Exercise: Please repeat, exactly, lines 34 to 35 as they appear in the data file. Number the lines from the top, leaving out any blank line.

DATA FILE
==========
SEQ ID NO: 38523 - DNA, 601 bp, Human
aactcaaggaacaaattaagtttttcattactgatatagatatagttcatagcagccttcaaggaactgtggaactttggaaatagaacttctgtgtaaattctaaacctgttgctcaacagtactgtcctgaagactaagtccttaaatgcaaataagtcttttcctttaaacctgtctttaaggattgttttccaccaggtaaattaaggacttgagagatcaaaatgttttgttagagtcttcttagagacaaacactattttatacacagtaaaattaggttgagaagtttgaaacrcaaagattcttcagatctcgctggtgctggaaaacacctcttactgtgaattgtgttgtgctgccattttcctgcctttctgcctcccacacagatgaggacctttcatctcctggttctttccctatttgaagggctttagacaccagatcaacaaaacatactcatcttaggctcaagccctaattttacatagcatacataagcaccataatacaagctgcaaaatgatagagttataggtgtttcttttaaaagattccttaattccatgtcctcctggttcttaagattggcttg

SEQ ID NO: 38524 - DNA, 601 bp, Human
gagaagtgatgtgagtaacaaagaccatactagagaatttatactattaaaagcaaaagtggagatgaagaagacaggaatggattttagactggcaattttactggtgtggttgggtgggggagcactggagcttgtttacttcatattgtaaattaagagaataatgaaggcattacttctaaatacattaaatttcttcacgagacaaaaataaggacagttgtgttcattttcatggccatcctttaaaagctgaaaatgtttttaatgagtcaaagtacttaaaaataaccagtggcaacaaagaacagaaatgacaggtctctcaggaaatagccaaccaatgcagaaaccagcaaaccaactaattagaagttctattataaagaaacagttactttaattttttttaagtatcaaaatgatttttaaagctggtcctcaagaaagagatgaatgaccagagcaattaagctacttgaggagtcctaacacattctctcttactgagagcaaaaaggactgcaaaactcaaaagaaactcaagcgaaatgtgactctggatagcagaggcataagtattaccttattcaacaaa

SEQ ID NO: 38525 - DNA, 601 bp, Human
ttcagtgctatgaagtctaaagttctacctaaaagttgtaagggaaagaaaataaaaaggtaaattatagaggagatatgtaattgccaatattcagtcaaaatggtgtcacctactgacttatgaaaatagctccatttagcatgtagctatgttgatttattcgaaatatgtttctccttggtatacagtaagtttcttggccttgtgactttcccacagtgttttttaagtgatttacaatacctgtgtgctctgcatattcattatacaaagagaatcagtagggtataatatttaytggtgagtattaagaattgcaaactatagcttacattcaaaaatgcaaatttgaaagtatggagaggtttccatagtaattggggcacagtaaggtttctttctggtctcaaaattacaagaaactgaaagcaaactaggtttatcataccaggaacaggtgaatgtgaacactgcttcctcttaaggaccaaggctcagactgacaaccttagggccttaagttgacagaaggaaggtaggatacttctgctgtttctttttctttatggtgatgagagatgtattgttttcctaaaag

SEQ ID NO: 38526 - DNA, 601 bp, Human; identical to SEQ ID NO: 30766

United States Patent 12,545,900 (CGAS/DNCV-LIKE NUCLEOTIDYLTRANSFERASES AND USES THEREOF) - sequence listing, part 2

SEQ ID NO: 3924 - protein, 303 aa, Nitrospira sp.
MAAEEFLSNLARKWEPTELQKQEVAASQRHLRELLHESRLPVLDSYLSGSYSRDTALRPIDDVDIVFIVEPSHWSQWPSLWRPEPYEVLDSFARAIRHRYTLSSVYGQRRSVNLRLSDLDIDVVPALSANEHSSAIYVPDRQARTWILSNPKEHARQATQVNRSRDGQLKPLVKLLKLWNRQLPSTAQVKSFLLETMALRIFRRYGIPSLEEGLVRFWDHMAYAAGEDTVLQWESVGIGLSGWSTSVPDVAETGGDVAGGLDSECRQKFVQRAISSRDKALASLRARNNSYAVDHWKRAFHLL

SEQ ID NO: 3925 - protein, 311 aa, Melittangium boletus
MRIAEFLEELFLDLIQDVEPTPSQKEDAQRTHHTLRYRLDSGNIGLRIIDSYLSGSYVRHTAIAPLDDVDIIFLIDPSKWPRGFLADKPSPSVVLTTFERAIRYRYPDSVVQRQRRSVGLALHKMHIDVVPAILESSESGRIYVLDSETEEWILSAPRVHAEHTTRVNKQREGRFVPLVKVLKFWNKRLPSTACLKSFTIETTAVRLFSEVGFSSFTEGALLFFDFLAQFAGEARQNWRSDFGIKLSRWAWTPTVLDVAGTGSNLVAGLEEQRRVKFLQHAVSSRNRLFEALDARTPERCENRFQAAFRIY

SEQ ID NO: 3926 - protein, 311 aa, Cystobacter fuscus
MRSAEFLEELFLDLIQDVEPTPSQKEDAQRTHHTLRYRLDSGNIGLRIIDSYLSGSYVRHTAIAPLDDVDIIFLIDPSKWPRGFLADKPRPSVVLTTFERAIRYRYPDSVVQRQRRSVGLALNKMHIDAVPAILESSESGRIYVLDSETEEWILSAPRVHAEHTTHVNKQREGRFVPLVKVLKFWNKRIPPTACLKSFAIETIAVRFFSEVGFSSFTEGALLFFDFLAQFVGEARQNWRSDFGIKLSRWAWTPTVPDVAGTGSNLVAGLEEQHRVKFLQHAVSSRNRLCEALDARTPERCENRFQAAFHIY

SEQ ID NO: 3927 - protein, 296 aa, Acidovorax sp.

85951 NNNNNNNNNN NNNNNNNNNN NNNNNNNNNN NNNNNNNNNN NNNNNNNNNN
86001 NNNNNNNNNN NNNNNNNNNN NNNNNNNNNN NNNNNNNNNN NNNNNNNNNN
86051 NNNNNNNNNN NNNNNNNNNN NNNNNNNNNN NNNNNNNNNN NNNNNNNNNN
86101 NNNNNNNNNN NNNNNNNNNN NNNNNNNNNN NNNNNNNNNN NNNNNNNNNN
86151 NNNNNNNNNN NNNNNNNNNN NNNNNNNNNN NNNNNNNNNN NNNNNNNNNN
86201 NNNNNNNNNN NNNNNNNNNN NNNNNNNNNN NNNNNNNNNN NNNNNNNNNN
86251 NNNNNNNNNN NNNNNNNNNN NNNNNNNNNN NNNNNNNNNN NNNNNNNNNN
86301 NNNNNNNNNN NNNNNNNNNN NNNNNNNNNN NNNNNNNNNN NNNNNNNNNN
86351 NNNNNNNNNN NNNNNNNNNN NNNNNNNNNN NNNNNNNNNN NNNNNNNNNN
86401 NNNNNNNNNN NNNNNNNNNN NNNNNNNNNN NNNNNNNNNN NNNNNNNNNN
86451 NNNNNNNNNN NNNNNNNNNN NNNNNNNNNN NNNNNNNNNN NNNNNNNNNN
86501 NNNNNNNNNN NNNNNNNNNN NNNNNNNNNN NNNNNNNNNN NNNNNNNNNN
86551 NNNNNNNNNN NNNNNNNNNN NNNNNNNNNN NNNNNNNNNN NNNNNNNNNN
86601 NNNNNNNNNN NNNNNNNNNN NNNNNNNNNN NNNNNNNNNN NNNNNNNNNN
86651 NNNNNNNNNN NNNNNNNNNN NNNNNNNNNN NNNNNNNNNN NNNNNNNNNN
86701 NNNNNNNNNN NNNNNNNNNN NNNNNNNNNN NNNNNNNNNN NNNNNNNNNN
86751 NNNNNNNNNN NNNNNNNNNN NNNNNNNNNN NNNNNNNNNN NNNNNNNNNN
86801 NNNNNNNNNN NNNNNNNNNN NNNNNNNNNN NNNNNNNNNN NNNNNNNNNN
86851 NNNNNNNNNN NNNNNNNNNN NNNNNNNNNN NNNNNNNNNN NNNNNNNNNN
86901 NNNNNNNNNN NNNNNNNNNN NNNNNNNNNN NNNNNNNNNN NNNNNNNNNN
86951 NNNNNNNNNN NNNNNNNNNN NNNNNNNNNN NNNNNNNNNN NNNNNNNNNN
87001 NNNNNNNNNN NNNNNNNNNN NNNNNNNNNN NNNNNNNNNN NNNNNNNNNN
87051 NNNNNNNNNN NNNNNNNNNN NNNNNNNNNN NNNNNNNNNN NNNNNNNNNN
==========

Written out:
86851 NNNNNNNNNN NNNNNNNNNN NNNNNNNNNN NNNNNNNNNN NNNNNNNNNN
86901 NNNNNNNNNN NNNNNNNNNN NNNNNNNNNN NNNNNNNNNN NNNNNNNNNN